rental market

Even as the economy continues to improve, home-ownership remains relatively low. While this might seem like a bleak outlook for those seeking a mortgage payment, it is great news for property managers and landlords who will notice an increase in rental property demand and rising rent prices across the United States, according to 2015 rental market predictions.

Multifamily Executive (MFE) published a report this month predicting a high demand for rental properties and increased rental rates throughout the upcoming year.  MFE compiled data provided by market-research firm, Reis, indicating that overall, rental prices are expected to increase an average of 3.3 percent nationwide in 2015.

According to MFE, Reis anticipates the top 5 Metros that will increase their rental rates throughout 2015 by a minimum of 4 percent to include San Jose, San Francisco, Denver, Seattle and Oakland-East Bay.  California is also home to metros experiencing some of the nation’s lowest projected vacancy rates, including Sacramento, San Bernardino/Riverside, and Ventura County.

To meet to rising demand for rental properties, major metropolitan areas and submarkets are experiencing a growth in what is considered to be the biggest increase in multifamily construction in the past two decades.  This new construction is typically popping up in regions located near great school districts, employment hubs and growing retail and entertainment centers.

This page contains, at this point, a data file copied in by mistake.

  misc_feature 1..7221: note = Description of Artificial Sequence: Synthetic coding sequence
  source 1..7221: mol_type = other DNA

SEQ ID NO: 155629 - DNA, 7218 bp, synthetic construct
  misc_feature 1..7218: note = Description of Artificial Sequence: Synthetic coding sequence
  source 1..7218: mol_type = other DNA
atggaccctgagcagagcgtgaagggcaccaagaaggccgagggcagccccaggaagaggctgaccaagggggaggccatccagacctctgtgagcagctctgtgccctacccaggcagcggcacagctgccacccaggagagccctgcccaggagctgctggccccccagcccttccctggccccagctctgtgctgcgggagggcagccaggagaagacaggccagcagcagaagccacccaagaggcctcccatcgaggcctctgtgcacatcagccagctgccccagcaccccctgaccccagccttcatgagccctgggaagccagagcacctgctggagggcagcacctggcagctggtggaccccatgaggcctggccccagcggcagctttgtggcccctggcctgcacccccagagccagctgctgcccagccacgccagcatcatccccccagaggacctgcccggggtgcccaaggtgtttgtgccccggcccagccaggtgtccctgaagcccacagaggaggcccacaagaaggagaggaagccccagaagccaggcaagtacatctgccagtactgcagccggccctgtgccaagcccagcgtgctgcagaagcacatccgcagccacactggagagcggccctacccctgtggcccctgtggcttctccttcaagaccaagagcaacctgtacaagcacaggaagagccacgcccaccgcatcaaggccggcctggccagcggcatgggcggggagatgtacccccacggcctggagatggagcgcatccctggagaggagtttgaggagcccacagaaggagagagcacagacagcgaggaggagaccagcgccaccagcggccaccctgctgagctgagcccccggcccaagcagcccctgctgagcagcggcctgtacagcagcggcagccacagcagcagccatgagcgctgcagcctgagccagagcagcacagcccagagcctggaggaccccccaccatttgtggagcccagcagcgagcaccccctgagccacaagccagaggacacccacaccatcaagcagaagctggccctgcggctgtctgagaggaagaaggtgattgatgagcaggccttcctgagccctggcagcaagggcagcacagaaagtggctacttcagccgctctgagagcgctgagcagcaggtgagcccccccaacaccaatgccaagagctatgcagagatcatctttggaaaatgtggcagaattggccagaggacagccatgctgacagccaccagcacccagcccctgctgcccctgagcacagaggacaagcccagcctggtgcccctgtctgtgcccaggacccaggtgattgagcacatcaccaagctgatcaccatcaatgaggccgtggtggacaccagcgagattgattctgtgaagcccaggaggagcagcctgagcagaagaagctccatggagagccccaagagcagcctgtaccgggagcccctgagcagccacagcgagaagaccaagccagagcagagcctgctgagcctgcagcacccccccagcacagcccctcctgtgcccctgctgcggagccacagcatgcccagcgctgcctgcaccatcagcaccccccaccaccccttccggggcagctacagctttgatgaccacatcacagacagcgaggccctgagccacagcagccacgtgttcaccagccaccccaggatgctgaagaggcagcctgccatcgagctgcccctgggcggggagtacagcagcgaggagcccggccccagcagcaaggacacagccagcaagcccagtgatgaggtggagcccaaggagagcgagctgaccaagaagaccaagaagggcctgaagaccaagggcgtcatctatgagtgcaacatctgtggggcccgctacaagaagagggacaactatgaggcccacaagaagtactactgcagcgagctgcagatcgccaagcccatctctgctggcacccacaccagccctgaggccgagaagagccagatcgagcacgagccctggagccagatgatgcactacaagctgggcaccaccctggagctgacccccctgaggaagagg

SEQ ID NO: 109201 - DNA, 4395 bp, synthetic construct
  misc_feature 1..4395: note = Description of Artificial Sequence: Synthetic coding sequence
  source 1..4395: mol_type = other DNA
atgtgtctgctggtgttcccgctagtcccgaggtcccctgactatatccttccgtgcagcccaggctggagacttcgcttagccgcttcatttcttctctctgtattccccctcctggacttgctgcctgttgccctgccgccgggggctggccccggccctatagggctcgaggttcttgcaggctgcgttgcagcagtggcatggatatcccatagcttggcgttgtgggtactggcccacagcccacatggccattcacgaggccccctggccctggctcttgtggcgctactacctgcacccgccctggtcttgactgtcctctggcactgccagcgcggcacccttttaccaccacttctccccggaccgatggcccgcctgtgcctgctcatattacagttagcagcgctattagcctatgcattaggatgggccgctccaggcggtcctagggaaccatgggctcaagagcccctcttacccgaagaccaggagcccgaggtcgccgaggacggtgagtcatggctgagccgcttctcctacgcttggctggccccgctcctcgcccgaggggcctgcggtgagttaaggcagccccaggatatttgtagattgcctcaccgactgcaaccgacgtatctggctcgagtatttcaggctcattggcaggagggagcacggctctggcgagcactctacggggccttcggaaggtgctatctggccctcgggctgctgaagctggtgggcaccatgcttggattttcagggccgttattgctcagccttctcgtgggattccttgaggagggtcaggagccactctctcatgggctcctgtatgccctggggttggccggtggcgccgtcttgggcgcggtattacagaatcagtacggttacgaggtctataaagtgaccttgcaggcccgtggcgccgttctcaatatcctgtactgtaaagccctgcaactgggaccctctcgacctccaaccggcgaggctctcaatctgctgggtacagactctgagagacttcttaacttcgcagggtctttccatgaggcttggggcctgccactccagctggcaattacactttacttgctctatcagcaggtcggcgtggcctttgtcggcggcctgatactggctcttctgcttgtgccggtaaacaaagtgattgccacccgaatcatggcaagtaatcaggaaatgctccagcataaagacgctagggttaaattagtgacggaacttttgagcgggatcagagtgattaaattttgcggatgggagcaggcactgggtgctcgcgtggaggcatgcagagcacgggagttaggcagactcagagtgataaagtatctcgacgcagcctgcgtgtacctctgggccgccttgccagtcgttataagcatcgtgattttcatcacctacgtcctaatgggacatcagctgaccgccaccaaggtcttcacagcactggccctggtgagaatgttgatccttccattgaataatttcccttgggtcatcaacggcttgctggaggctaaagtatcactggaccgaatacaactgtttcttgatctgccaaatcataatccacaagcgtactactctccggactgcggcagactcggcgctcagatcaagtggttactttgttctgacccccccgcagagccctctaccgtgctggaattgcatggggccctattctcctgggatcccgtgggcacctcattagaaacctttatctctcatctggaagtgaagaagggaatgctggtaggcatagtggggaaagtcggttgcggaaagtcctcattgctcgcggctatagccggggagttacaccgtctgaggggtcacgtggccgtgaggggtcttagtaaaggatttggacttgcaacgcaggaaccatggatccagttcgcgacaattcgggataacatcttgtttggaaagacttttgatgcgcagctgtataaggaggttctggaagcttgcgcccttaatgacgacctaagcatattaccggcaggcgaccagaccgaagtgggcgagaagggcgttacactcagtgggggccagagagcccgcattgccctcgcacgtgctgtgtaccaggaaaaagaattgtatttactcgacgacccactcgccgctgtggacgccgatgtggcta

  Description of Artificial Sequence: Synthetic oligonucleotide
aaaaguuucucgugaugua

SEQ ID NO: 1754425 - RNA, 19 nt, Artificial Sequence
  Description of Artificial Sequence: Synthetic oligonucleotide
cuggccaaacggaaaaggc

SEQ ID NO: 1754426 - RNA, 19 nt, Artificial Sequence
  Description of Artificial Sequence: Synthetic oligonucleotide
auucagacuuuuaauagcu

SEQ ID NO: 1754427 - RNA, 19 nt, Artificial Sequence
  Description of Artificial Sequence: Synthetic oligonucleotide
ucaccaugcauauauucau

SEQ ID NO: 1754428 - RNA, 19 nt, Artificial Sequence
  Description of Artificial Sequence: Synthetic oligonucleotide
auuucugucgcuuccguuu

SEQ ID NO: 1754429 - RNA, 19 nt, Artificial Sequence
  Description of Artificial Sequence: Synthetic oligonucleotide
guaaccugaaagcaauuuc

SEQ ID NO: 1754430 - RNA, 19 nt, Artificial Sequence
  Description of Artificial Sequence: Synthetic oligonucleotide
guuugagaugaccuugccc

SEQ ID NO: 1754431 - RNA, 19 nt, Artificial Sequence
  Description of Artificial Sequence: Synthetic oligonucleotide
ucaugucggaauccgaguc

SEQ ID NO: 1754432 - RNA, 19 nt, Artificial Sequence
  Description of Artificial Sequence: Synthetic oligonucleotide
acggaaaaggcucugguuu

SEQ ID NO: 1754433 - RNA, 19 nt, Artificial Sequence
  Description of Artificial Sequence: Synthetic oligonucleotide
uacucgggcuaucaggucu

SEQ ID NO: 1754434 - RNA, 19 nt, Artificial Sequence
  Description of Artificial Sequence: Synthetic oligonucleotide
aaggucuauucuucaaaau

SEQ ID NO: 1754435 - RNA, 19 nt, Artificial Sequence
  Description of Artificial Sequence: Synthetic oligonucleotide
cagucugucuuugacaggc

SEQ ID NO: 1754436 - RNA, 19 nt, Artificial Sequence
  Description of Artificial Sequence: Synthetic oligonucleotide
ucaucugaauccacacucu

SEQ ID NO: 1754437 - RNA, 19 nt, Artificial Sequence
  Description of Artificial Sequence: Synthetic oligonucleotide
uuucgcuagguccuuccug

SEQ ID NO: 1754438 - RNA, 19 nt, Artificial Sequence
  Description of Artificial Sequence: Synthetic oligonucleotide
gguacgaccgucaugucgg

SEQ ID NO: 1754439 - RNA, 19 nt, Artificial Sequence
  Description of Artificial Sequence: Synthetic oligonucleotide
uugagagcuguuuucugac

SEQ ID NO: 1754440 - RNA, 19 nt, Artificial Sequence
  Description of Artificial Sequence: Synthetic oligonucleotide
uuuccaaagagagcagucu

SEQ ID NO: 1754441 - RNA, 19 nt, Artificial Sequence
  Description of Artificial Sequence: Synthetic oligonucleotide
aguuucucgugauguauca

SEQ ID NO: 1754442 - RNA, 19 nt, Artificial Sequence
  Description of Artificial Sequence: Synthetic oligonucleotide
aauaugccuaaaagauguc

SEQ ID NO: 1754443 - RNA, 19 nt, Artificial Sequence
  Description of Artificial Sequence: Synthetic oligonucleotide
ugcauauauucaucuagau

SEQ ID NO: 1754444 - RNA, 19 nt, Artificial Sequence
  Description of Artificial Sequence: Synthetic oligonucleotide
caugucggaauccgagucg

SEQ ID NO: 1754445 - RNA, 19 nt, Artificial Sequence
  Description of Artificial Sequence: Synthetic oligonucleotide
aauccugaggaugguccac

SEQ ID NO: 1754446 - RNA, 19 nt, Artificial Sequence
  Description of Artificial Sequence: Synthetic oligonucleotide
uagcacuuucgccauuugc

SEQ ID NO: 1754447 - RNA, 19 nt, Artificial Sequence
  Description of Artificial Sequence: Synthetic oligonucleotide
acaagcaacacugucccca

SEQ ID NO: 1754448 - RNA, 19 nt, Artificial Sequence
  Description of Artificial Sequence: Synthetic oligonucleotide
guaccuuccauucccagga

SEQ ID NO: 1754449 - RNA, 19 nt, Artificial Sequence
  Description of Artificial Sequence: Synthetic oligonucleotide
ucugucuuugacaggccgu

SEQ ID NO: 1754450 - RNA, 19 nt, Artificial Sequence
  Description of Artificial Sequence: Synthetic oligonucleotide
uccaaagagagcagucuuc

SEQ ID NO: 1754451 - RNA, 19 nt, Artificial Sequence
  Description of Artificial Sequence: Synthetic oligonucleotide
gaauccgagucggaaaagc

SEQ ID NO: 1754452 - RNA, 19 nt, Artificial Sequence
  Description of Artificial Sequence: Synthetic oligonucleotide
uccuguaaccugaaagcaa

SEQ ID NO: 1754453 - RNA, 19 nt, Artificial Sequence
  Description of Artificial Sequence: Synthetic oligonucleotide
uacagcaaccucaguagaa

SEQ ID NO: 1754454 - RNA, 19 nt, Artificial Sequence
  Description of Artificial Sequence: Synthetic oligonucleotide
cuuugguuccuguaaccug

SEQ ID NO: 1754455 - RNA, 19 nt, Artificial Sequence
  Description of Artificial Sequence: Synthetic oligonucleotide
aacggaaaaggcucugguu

Unfortunately not every city is as lucky to experience such positive projections as those listed above.  MFE also noted the bottom 5 metros seeing the lowest change in rent prices and higher vacancy rates.  According to the report, Memphis, TN is predicted to see an 8.9% vacancy rate, followed by the Raleigh-Durham region with a 7.8% vacancy rate.  The markets seeing the smallest change in rent prices include Little Rock (1.7%) and Chattanooga (1.7%).

This rental market forecast for 2015 encourages property managers and landlords to check their local rent prices to stay competitive.  Asking too little for rent could attract less desirable tenants. While asking too much could lead to high-cost vacancies. If your region is experiencing unusually high rental vacancies, consider providing popular amenities to your tenants to increase the rental property’s desirability.

What are your 2015 rental market projections?